At Flint we believe the future of computing is web based. Web based technologies have improved dramatically in recent years. It is now possible to stream games, produce complex documents, collaborate with co-workers, basically anything from a web browser!
That is why Flint OS is built on the Chromium OS project. We aim to support a range of PC’s and popular Single-Board-Computers such as the Raspberry Pi and t-firefly, providing a simple , safe and secure way of getting things done via the web.
At the moment we have 2 release streams for Flint OS, namely Flint OS for Pi and Flint OS for PC.
Flint OS for Pi supports Raspberry Pi 2 and 3, other Raspberry Pi models are currently unsupported. Head over to https://flintos.io/instructions-rpi/ for instructions on how to run Flint OS for the Raspberry Pi.
For the PC, Flint OS has to be booted via a USB storage drive. Please head to https://flintos.io/instructions-pc/ for detailed instructions.
It is possible to install Flint OS for PC onto your hard drive so that you don’t need to boot Flint OS every time from a USB drive. However, at the moment we can only support Flint OS to occupy your entire hard drive. In other words, if you wish to install Flint OS onto your hard drive, you will lose every piece of data on this hard drive. If you are prepared to do this, please visit this link for the instruction.
Flint OS for PC is currently in early development, this means Flint OS is not supposed to work well at this stage and it does not work on every machine. You will also find bugs, glitches and crashes.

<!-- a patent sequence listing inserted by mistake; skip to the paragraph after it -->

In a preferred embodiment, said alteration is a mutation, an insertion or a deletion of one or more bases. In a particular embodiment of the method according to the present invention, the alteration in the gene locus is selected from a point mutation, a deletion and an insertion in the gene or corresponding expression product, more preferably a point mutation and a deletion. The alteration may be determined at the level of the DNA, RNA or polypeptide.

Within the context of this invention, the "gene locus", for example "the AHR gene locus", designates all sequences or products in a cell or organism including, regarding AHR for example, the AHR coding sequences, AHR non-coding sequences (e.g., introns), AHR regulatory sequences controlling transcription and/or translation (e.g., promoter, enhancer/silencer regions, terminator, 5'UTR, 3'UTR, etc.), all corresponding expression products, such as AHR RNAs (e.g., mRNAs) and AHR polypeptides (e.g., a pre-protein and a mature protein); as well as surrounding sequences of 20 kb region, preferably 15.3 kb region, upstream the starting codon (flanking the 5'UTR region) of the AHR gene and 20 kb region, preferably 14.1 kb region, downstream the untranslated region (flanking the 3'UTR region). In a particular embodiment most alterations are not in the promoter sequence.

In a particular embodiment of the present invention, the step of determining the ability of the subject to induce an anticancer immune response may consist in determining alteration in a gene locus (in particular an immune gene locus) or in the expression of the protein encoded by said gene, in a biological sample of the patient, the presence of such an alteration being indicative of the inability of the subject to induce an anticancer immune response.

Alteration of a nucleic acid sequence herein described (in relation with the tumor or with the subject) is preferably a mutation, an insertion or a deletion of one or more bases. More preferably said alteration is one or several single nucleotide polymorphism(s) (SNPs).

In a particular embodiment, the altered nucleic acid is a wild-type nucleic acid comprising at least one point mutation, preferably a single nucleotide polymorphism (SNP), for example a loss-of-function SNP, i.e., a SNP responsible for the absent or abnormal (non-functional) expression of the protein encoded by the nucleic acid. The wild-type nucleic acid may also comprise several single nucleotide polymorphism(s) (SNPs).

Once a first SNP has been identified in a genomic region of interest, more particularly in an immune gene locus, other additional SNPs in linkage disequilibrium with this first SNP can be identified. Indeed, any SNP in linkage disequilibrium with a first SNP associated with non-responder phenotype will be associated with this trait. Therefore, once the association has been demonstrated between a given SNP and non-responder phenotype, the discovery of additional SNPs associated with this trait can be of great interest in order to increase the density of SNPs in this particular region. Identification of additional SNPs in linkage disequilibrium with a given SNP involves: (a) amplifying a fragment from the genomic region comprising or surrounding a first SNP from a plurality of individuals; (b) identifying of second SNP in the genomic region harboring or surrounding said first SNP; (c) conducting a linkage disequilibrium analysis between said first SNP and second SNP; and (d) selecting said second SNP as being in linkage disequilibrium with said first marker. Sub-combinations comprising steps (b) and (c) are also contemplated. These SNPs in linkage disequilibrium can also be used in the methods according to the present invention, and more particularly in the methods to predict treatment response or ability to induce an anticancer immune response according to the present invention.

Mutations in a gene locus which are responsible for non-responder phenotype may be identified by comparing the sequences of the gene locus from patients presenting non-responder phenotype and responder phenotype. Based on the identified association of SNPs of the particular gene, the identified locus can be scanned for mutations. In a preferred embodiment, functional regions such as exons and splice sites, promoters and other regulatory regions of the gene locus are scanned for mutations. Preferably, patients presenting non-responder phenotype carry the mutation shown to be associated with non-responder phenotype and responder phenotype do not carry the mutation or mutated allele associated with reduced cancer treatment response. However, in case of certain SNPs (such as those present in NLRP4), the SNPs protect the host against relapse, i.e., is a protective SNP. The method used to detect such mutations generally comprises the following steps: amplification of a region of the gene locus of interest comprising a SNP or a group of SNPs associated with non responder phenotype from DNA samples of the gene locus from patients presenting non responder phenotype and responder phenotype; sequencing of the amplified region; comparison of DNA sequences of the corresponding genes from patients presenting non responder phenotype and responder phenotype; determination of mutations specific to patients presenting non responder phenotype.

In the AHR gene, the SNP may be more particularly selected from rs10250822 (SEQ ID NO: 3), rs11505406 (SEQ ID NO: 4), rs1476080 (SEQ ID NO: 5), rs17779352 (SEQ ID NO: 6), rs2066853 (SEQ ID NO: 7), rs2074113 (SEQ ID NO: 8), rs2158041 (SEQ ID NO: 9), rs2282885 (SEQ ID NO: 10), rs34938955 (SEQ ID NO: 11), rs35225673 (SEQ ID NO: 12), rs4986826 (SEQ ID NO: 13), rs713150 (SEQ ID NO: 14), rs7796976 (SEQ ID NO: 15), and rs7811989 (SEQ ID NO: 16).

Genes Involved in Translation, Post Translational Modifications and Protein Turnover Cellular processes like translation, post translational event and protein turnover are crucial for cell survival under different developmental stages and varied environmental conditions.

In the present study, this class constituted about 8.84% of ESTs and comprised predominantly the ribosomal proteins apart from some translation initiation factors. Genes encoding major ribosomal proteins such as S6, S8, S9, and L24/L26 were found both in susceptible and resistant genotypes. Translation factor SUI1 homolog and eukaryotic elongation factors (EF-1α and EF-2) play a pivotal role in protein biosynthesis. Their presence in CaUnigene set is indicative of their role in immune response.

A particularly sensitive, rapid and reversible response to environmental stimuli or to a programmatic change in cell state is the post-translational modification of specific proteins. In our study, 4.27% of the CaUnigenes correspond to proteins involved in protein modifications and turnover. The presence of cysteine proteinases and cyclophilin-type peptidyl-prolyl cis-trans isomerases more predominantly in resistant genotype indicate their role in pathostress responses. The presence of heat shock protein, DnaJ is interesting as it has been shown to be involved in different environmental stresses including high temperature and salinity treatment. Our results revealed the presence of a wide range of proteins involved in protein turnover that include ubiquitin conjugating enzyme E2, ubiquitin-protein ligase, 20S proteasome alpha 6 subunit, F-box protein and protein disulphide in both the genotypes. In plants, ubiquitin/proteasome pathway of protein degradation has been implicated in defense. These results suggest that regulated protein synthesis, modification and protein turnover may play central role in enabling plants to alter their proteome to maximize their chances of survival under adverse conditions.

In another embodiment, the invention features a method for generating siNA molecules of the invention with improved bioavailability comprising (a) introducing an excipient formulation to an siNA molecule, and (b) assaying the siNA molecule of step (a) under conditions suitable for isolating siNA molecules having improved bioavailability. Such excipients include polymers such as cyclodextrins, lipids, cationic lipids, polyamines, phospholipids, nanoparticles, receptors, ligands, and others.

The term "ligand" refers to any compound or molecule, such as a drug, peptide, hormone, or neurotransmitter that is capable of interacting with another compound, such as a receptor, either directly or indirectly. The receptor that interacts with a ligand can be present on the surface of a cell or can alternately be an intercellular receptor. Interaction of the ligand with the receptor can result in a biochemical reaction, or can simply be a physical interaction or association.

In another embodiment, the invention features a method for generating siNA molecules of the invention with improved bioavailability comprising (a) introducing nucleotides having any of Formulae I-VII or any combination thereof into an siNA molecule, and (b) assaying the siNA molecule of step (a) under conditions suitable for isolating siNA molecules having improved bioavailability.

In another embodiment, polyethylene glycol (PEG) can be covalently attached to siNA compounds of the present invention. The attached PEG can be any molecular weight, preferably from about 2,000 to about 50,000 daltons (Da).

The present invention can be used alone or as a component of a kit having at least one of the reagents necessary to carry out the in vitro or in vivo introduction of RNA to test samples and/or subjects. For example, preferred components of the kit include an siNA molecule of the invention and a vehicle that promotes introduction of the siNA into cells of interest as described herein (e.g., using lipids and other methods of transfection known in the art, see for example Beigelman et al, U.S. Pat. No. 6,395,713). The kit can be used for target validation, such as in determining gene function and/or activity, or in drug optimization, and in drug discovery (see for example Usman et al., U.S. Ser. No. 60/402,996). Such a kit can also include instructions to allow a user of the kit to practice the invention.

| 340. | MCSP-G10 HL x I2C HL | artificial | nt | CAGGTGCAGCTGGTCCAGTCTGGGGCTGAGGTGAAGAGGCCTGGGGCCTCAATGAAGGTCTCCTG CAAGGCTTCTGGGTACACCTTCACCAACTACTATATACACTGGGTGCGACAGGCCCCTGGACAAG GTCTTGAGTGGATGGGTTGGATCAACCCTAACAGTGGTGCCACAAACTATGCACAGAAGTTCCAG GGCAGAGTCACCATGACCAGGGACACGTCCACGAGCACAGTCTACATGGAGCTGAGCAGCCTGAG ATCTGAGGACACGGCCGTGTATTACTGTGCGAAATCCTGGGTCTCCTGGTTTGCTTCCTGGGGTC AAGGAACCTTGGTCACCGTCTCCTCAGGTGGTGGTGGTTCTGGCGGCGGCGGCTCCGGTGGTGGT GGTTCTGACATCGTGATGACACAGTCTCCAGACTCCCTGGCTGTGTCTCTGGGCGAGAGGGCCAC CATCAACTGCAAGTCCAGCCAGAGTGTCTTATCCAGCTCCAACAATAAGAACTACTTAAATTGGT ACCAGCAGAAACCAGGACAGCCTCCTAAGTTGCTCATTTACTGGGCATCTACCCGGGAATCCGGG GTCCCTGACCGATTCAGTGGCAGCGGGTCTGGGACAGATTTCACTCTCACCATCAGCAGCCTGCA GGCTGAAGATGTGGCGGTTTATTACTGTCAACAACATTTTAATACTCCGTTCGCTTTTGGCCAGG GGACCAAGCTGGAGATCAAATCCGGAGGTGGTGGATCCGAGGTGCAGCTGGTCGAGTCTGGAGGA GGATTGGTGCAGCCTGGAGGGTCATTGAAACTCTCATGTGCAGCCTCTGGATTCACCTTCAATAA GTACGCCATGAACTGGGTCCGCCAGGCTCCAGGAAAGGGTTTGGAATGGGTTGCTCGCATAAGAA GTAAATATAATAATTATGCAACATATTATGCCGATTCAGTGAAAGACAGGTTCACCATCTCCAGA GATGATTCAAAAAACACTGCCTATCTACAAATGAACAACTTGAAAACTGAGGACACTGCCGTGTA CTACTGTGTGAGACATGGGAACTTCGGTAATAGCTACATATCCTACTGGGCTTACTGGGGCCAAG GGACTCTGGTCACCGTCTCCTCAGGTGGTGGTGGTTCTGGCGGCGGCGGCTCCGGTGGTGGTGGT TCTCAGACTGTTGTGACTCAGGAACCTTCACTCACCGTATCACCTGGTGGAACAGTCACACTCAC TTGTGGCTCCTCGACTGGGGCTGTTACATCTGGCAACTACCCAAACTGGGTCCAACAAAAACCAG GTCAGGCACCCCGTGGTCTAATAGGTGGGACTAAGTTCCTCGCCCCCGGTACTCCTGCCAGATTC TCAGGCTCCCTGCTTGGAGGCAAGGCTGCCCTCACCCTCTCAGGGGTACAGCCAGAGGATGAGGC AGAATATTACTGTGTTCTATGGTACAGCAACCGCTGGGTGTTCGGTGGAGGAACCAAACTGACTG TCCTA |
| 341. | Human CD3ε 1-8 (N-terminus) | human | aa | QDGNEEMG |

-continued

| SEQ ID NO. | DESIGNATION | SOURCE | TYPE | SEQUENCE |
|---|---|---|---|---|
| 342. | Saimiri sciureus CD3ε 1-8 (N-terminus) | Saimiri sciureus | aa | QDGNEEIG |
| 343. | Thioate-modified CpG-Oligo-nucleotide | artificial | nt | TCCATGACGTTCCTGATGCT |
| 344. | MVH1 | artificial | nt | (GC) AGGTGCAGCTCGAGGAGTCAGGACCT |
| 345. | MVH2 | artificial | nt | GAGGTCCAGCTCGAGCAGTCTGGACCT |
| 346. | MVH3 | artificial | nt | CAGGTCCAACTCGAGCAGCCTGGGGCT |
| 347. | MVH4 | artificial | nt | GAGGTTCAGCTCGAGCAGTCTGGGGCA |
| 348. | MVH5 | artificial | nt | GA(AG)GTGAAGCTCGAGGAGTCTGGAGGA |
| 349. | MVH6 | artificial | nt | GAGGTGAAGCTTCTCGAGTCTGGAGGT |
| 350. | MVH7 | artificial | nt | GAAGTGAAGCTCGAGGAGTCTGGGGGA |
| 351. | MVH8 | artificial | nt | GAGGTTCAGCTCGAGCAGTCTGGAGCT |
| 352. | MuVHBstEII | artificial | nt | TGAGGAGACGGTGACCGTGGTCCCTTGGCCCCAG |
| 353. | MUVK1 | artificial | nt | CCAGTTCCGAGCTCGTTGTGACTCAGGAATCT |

Our aim is to support as many PC’s as possible both 32bit and 64bit. Currently we support a wide variety of Intel, Nvidia and AMD/ATI graphics setups running 64bit Processors. 32bit system support will follow soon.
If for any reason Flint OS does not boot on your PC, please let us know with your detailed setup and error symptoms via /r/flintos, we (and the community) will try our best to help you.
We are always working to improve Wi-Fi compatibility. If you find that Wi-Fi can not work on your computer after installation, you can try to run
switch2wl on the command line to utilise alternative Broadcom firmware.
To enter the command line, press
Fn+Ctrl+Alt+F2 on some computers) after the login prompt appears. If you are not familiar with the command line, you can use the more friendly Crosh, just press the
Ctrl+Alt+t in the browser interface.
Once at the command line type sudo su and follow the prompts to set your own password. Then type
switch2wl The system may require a manual reboot, after this Wi-Fi networks should start to appear.
If you still cannot access Wi-Fi, please tell us your computer Wi-Fi chipset and we will try to fit in the future release of the chip.
Flash requires a licence to distribute which we are looking to obtain, for inclusion in future builds.
Previously the default password was
chronos but going forward all Flint OS builds will not have a default password set due to security concerns.
There are two options available depending on your requirements:
If you want to set a password for developer access and SSH use the command